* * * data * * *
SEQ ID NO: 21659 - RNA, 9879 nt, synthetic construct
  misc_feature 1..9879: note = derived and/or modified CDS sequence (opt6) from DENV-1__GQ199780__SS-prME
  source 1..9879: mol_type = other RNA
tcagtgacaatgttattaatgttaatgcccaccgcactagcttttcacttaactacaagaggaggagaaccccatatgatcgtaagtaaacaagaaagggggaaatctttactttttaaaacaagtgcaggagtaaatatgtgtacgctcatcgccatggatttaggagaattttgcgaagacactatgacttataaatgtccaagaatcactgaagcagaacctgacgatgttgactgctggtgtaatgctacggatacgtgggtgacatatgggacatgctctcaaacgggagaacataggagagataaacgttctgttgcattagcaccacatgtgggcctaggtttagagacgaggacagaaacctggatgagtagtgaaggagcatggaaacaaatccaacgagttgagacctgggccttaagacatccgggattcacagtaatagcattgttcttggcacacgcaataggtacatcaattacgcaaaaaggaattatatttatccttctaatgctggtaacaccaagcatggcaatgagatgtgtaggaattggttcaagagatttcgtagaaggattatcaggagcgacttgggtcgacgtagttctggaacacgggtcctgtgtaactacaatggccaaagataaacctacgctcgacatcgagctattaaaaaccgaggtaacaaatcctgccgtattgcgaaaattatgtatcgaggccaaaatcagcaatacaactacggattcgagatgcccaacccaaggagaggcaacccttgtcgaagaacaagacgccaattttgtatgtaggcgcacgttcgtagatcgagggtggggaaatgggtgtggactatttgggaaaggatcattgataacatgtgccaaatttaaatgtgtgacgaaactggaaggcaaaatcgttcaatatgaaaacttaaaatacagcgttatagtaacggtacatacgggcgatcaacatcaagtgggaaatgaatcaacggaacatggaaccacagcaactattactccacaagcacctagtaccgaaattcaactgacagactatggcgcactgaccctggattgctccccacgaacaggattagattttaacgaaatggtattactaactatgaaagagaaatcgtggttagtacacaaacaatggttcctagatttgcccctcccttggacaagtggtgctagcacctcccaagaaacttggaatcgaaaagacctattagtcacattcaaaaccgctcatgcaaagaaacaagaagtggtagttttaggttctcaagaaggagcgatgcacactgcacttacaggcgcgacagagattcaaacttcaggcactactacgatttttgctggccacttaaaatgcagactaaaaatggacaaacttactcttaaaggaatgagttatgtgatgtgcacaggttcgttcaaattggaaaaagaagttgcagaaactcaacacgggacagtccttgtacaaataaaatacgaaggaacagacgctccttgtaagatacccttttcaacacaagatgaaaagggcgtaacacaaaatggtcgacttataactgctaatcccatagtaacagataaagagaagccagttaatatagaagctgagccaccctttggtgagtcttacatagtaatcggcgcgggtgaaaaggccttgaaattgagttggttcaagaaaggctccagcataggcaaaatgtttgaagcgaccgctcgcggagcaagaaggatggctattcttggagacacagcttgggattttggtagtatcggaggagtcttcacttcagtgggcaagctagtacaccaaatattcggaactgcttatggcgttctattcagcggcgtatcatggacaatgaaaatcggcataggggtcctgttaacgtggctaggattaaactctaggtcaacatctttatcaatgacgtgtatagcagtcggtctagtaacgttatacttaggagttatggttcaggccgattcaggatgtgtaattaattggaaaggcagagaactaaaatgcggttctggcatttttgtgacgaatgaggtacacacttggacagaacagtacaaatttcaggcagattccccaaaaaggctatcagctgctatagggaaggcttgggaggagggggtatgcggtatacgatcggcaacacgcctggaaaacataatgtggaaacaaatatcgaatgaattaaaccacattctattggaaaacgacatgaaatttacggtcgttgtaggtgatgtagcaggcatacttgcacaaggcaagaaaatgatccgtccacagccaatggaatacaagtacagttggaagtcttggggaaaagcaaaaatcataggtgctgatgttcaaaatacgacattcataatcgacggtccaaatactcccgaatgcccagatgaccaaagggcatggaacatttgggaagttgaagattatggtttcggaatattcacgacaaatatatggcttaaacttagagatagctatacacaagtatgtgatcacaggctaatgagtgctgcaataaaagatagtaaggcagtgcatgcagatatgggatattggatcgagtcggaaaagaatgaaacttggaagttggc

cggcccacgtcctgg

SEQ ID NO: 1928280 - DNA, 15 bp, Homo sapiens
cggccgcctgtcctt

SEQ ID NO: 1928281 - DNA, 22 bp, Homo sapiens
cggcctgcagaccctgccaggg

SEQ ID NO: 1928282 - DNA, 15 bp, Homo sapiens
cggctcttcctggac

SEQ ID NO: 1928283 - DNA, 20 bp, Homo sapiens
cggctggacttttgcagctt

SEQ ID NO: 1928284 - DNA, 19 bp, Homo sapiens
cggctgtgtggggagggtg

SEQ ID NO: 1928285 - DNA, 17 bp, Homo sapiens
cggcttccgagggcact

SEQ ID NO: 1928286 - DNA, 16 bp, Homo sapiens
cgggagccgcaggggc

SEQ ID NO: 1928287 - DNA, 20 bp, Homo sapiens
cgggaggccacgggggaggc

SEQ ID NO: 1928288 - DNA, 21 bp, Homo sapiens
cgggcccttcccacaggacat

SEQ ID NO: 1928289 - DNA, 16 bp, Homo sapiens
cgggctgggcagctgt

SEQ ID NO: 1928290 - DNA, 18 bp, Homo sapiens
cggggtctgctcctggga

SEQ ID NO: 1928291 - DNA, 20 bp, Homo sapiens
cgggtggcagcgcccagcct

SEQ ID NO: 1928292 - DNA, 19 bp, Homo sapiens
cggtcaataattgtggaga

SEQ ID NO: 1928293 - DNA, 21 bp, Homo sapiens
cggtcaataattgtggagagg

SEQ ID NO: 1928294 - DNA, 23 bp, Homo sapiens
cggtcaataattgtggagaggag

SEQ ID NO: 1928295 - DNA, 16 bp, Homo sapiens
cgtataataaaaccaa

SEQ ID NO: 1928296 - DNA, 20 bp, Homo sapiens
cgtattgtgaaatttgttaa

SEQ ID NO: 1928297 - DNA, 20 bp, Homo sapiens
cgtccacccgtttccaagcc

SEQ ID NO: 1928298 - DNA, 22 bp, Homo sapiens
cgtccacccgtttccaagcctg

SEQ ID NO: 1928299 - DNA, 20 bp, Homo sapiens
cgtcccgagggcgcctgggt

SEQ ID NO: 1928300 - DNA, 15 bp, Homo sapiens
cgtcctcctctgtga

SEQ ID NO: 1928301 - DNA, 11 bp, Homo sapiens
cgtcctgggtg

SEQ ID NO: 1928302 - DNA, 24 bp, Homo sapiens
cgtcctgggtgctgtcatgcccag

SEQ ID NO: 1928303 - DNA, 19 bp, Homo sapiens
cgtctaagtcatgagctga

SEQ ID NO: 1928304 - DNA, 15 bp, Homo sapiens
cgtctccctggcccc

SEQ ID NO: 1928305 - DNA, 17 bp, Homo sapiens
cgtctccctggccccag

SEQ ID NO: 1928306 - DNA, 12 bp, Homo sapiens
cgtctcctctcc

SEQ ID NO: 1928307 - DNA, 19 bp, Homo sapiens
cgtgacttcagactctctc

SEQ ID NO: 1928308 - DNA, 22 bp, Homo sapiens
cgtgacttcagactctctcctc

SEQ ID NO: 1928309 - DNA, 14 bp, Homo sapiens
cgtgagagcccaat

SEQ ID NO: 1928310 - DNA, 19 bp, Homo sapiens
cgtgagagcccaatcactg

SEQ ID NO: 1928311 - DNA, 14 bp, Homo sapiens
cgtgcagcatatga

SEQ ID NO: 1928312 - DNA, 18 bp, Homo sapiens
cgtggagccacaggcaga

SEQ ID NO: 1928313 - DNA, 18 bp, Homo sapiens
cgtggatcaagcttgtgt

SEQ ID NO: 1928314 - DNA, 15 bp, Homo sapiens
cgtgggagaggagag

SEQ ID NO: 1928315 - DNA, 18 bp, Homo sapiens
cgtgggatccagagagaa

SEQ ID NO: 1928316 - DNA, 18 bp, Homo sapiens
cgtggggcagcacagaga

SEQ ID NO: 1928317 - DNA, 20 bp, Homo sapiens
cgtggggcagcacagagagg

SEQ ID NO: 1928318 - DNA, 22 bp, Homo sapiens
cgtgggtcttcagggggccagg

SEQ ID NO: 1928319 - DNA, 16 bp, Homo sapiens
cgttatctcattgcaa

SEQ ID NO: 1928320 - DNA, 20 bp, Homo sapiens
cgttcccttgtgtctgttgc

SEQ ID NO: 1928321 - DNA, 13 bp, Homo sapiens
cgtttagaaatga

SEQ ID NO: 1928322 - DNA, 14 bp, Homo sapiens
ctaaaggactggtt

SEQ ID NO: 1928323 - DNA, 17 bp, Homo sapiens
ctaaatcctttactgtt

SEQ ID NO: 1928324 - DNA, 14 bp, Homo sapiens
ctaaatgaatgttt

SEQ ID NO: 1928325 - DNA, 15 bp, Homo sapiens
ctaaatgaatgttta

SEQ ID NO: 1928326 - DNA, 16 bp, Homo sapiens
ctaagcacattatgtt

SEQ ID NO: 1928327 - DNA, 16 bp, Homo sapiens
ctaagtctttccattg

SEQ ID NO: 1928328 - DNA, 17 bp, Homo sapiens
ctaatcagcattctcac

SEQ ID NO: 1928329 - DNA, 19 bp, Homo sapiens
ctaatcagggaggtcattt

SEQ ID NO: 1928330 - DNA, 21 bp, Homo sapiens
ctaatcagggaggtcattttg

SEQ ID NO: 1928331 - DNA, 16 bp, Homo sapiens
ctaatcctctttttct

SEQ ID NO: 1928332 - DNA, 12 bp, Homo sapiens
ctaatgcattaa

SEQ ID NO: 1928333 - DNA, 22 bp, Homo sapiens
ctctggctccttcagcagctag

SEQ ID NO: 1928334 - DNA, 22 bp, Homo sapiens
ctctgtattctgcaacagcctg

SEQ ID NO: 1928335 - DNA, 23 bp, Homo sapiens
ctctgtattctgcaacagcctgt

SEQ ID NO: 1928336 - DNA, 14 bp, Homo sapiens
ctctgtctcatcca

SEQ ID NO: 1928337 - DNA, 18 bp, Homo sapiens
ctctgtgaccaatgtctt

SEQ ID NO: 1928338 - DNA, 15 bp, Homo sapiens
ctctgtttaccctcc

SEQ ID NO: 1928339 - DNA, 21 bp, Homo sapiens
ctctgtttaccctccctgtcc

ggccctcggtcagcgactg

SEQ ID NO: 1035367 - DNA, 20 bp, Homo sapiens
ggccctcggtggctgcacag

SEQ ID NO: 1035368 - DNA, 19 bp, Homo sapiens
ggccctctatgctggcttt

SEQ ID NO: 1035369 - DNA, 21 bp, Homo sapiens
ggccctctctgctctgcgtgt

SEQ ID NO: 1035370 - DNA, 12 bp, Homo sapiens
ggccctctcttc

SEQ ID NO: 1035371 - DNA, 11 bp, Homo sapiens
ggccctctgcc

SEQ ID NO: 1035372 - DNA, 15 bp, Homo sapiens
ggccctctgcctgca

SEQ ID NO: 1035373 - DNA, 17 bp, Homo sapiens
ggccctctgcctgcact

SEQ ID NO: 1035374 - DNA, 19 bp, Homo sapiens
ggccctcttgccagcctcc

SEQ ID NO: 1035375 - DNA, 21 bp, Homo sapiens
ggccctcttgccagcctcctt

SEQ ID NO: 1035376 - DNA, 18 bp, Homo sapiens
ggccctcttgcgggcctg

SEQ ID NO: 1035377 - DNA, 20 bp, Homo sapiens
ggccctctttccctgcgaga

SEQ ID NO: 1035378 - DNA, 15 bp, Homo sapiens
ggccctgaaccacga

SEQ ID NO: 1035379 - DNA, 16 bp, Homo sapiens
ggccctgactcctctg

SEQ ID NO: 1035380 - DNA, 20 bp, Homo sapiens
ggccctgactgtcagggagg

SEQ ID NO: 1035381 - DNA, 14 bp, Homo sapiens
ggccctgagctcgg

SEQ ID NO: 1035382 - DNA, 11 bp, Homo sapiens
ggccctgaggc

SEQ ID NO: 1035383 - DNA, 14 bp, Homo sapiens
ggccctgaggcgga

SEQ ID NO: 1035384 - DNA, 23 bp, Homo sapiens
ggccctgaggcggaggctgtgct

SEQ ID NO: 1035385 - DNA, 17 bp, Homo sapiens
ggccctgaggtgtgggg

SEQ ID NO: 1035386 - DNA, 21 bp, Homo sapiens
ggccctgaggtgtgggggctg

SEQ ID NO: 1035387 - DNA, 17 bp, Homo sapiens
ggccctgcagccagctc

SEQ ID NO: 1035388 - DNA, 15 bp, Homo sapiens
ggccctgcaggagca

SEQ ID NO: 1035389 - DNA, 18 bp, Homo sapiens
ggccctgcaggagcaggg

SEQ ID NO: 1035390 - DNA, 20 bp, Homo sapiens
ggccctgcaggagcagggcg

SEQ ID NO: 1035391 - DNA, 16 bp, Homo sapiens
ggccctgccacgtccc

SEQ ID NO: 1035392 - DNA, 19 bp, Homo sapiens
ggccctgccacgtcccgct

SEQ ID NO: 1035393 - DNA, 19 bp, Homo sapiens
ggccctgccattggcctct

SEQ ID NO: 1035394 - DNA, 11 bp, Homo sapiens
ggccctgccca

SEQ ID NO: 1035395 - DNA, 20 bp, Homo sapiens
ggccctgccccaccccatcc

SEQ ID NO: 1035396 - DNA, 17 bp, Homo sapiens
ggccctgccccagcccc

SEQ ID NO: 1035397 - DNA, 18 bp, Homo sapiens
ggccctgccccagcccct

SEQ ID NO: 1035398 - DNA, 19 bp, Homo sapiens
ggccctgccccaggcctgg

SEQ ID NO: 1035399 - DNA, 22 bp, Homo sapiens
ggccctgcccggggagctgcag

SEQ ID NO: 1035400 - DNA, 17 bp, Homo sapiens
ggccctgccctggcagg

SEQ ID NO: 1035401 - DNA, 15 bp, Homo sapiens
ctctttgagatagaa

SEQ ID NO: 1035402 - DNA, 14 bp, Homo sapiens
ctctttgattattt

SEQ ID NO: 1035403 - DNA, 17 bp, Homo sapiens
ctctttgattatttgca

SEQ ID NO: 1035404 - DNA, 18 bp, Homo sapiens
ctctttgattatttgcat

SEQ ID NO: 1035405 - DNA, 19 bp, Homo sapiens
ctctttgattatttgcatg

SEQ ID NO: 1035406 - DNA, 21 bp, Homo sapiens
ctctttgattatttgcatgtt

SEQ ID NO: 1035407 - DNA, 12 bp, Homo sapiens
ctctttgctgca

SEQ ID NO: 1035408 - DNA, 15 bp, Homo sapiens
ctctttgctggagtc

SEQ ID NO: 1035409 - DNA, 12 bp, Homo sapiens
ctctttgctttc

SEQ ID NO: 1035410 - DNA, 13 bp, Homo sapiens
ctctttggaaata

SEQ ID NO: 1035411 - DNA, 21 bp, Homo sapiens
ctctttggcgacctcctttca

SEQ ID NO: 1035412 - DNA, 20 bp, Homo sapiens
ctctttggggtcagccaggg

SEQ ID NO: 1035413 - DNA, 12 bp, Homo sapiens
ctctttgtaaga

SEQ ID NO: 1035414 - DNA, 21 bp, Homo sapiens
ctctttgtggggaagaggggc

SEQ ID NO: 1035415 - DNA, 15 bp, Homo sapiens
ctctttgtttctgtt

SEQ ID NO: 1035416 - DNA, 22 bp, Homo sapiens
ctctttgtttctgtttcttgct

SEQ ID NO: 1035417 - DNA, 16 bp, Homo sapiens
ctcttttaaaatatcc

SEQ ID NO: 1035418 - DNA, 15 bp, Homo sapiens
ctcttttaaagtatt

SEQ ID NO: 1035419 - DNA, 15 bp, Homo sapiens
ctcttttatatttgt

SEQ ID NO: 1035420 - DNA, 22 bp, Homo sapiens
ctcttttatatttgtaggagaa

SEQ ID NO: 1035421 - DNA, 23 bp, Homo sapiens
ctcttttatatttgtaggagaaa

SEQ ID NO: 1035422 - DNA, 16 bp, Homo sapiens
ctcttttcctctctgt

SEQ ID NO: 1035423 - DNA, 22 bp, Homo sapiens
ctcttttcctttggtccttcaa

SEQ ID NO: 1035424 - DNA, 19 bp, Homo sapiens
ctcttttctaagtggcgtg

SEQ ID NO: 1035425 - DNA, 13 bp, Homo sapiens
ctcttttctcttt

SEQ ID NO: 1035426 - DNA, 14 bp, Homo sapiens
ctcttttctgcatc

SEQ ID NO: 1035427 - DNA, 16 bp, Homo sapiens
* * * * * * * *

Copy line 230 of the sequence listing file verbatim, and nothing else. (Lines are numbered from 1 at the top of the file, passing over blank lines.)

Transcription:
ctcttttaaagtatt